This vivace (literally “lively”) balsamic vinegar from Bonini is aged for three years—a lifetime, compared to most American vinegars, but just a baby compared to the 8-, 12-, or 25-year-aged varieties out there! That lively youth gives this bottle a more equal balance of pucker to sweetness, more like a vinegar than the super-syrupy condiment you get in ultra-aged balsamic.
Why is balsamic vinegar from Modena so special? The production of balsamic in this region is strictly regulated, which means no funky additives or other cost-cutting methods allowed. What you get is pure grape goodness, fermented and aged the way it’s been done for centuries. The process starts with grape must (whole crushed grapes) that is left over from the production of wine. They’re cooked low and slow to make a sweet grape juice, which is then transferred to wood barrels to kick off the fermentation process.
Over time, the vinegar culture transforms this juice into a complex, sweet-and-sour liquid that’s packed with probiotics and beneficial enzymes (to this day, many Italians swear by a spoonful of balsamic every day as a health tonic). It slowly evaporates, reducing to a thick, syrupy consistency, and the wood of the barrels imparts its own natural flavors like vanilla and honey. The older the balsamic, the denser and more flavorful it will be.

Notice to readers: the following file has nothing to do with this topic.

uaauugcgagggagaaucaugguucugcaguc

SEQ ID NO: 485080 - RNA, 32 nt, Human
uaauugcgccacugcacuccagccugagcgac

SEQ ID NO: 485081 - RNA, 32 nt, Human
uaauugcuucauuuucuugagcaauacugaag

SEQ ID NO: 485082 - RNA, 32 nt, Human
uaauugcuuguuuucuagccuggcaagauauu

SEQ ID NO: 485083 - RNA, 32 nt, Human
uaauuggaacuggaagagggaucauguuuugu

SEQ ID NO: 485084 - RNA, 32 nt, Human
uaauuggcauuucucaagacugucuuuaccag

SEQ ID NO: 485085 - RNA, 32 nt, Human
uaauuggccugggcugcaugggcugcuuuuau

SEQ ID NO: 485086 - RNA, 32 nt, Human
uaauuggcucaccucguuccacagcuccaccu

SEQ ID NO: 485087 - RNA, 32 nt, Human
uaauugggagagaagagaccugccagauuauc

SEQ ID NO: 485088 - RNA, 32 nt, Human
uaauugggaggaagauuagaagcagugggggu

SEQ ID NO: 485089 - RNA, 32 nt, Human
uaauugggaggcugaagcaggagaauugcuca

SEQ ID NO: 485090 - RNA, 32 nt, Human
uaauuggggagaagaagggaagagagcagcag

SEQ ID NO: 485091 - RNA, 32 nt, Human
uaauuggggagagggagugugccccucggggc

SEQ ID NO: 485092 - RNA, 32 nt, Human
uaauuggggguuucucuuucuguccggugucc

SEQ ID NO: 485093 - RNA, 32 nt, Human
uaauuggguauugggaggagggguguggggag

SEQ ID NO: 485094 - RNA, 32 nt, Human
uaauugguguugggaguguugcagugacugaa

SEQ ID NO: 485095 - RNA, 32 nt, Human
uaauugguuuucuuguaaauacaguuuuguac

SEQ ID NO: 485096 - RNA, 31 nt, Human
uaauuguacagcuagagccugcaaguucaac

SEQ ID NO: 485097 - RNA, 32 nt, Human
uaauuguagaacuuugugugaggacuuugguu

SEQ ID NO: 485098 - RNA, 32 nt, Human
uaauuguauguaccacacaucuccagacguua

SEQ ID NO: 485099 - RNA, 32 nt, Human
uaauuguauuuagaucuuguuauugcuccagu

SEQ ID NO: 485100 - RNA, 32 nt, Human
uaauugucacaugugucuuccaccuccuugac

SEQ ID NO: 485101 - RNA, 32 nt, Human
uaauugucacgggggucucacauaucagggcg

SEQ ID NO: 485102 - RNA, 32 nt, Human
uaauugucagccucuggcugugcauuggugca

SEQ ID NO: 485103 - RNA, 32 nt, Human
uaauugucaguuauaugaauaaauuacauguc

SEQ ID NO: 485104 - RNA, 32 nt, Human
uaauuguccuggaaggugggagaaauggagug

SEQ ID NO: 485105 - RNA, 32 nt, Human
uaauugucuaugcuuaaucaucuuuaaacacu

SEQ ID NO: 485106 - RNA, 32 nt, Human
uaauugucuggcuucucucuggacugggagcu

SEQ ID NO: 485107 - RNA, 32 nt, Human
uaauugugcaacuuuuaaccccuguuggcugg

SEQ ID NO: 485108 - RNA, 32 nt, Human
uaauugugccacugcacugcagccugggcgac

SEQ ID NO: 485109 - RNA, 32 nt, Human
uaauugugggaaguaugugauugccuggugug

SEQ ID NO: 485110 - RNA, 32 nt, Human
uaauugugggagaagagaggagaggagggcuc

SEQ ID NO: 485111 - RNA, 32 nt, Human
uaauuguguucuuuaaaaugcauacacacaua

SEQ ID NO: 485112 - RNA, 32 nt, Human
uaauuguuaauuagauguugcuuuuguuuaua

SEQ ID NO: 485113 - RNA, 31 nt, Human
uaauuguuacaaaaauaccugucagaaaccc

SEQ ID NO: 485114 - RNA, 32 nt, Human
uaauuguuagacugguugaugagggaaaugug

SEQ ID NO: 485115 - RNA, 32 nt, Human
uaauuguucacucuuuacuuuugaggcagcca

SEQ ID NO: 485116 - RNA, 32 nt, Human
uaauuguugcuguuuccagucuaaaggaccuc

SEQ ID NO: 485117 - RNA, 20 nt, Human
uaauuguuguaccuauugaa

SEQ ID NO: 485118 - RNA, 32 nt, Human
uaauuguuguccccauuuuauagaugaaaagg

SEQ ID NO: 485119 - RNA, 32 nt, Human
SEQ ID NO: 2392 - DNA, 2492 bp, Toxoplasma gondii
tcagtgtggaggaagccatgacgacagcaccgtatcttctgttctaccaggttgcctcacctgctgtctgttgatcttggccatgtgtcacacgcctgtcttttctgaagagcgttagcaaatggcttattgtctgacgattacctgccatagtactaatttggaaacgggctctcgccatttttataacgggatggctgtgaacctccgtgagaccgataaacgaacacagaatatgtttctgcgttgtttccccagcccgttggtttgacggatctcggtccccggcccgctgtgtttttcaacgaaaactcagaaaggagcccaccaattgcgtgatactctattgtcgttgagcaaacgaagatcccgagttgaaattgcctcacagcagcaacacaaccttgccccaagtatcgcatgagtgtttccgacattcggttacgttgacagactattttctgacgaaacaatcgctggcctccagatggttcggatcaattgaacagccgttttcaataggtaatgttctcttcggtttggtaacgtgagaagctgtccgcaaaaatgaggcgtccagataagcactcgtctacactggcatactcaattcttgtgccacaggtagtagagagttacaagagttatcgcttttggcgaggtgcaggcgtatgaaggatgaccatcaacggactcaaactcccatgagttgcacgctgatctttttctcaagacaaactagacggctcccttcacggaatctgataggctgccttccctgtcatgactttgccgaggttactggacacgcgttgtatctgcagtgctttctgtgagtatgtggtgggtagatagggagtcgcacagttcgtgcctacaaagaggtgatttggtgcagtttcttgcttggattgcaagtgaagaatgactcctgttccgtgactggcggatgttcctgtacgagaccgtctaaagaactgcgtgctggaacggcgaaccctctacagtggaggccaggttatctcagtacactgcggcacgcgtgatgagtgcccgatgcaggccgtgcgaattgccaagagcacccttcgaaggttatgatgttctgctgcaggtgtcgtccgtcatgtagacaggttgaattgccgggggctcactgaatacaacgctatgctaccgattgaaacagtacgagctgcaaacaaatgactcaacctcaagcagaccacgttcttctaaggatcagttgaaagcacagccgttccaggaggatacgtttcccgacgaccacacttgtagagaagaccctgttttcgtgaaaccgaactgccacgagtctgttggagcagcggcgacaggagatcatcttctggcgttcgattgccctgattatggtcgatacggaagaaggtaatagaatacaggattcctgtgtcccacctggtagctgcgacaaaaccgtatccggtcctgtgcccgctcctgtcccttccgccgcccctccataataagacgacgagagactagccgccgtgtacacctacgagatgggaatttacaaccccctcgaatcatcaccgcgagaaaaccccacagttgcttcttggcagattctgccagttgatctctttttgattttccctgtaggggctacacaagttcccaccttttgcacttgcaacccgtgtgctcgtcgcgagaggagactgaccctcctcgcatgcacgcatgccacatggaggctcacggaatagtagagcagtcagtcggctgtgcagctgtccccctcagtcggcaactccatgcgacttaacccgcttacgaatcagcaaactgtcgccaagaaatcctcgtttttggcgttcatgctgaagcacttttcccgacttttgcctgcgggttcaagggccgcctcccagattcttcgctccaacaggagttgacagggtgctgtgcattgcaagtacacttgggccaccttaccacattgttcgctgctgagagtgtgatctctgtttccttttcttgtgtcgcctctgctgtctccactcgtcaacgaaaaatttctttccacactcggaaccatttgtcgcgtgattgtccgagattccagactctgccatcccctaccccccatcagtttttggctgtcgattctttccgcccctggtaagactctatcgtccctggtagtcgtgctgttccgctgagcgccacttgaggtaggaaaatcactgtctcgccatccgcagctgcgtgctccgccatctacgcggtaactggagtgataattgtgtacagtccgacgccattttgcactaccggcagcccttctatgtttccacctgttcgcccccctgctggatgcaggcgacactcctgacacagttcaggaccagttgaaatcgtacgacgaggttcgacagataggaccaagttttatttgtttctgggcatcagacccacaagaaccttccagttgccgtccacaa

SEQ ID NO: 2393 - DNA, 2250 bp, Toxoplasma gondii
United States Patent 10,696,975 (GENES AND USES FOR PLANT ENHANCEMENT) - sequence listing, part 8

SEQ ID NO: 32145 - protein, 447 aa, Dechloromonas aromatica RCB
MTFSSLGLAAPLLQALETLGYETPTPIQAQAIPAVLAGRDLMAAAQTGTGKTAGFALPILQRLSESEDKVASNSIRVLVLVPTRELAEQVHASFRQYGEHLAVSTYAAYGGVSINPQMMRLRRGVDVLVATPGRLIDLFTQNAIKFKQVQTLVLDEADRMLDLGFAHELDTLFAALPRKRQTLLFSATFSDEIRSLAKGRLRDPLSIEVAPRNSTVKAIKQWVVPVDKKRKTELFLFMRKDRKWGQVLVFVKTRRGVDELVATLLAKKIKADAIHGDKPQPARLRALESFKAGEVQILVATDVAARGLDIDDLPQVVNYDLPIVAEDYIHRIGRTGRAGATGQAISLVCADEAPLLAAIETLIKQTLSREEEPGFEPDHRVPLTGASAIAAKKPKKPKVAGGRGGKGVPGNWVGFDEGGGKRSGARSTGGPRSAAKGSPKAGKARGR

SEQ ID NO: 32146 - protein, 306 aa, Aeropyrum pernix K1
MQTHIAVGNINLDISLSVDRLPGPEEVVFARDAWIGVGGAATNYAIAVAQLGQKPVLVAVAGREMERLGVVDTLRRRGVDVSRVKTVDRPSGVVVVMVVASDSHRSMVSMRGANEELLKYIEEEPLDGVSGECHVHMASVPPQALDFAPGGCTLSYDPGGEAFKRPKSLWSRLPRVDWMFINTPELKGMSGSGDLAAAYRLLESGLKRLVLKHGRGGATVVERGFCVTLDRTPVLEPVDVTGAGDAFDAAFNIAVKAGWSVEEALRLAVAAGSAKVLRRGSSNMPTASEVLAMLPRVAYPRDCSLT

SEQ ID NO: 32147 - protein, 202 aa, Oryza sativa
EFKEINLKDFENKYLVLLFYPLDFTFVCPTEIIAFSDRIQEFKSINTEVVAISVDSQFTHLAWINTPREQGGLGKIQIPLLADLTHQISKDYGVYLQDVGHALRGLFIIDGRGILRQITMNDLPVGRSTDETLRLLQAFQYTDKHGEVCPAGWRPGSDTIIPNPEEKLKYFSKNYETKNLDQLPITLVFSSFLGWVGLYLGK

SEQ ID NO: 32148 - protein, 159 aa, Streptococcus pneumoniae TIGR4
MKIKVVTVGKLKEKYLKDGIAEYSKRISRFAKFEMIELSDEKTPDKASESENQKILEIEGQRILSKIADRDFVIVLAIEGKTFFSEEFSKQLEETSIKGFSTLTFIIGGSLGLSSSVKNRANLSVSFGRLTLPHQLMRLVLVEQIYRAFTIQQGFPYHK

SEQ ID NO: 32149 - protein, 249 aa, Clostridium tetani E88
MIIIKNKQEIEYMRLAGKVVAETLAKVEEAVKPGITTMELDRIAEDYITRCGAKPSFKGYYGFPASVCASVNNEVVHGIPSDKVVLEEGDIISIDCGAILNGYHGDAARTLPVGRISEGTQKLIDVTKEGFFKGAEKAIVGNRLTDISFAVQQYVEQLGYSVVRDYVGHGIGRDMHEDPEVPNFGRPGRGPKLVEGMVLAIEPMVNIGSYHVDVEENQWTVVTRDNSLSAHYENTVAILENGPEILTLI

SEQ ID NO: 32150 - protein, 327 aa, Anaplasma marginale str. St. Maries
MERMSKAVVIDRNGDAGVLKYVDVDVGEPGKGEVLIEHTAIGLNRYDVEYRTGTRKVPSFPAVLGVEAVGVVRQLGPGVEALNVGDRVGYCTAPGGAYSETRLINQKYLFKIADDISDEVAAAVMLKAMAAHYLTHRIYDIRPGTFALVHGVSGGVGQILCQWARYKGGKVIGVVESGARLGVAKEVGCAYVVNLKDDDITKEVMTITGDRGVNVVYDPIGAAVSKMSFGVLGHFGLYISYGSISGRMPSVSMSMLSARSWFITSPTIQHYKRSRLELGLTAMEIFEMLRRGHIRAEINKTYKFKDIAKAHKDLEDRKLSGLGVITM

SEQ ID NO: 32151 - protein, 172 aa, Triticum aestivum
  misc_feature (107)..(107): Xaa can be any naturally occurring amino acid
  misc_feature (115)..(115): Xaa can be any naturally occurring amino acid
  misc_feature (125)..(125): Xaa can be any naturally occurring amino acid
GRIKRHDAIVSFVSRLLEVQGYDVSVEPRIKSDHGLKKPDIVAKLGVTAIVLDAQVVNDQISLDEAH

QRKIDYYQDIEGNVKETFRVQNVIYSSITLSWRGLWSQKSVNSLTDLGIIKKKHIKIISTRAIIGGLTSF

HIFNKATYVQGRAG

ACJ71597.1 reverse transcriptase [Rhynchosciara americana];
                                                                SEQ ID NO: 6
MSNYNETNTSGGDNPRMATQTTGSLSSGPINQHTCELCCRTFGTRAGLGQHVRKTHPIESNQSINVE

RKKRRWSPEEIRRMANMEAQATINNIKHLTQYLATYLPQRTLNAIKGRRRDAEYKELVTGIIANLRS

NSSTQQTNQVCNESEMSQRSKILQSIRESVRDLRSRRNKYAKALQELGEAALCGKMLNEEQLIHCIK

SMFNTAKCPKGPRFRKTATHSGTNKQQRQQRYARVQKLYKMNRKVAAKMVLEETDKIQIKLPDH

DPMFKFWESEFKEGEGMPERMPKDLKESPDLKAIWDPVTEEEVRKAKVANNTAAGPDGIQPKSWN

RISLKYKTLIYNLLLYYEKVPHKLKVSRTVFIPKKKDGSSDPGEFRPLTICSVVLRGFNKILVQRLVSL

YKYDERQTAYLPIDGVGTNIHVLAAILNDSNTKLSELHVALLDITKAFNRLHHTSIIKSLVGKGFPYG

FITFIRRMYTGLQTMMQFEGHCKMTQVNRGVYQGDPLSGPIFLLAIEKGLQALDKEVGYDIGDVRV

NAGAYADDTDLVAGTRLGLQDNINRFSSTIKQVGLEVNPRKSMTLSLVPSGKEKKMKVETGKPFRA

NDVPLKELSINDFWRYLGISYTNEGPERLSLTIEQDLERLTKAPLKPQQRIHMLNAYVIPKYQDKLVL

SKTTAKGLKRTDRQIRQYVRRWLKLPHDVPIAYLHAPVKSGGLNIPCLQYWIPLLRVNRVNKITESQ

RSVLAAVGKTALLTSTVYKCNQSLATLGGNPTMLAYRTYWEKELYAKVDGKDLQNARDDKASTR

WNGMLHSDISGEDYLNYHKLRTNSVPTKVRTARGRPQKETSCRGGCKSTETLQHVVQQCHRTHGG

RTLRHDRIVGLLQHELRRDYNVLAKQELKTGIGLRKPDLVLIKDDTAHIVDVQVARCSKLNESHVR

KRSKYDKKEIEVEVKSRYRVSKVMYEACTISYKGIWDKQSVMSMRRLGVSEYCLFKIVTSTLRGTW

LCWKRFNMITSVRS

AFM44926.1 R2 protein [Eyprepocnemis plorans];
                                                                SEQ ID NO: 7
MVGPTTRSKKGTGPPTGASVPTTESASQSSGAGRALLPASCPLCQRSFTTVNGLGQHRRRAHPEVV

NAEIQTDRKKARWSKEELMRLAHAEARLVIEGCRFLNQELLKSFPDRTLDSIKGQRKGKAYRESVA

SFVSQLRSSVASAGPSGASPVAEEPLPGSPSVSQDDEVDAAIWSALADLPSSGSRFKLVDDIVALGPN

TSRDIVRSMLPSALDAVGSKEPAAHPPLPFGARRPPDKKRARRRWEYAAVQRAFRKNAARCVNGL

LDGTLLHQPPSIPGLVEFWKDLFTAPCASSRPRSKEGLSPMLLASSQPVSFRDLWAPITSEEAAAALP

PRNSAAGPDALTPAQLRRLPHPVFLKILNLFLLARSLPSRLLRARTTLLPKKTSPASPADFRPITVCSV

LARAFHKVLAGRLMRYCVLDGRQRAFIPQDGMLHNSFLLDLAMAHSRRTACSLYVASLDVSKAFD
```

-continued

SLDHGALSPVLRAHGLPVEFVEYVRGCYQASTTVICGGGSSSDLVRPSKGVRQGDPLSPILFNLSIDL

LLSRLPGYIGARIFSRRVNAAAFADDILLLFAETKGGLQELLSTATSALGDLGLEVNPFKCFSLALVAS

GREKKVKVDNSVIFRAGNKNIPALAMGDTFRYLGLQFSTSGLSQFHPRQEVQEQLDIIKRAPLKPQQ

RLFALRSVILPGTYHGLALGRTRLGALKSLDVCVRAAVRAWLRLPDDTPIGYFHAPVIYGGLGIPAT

Balsamico Bonini began in the 1990s as a passion project for Italian actor Fabio Massimo Bonini, who was born in Modena. He was known for bringing real balsamic from his home to share with friends in Milan, who were stunned by its difference from the stuff they could find in grocery stores. After painstaking historical research and selection of the best materials, Bonini decided to begin selling a balsamic that met his extremely high standards. Today, they produce a range of balsamic that showcase the many sides of this “black gold” from Modena.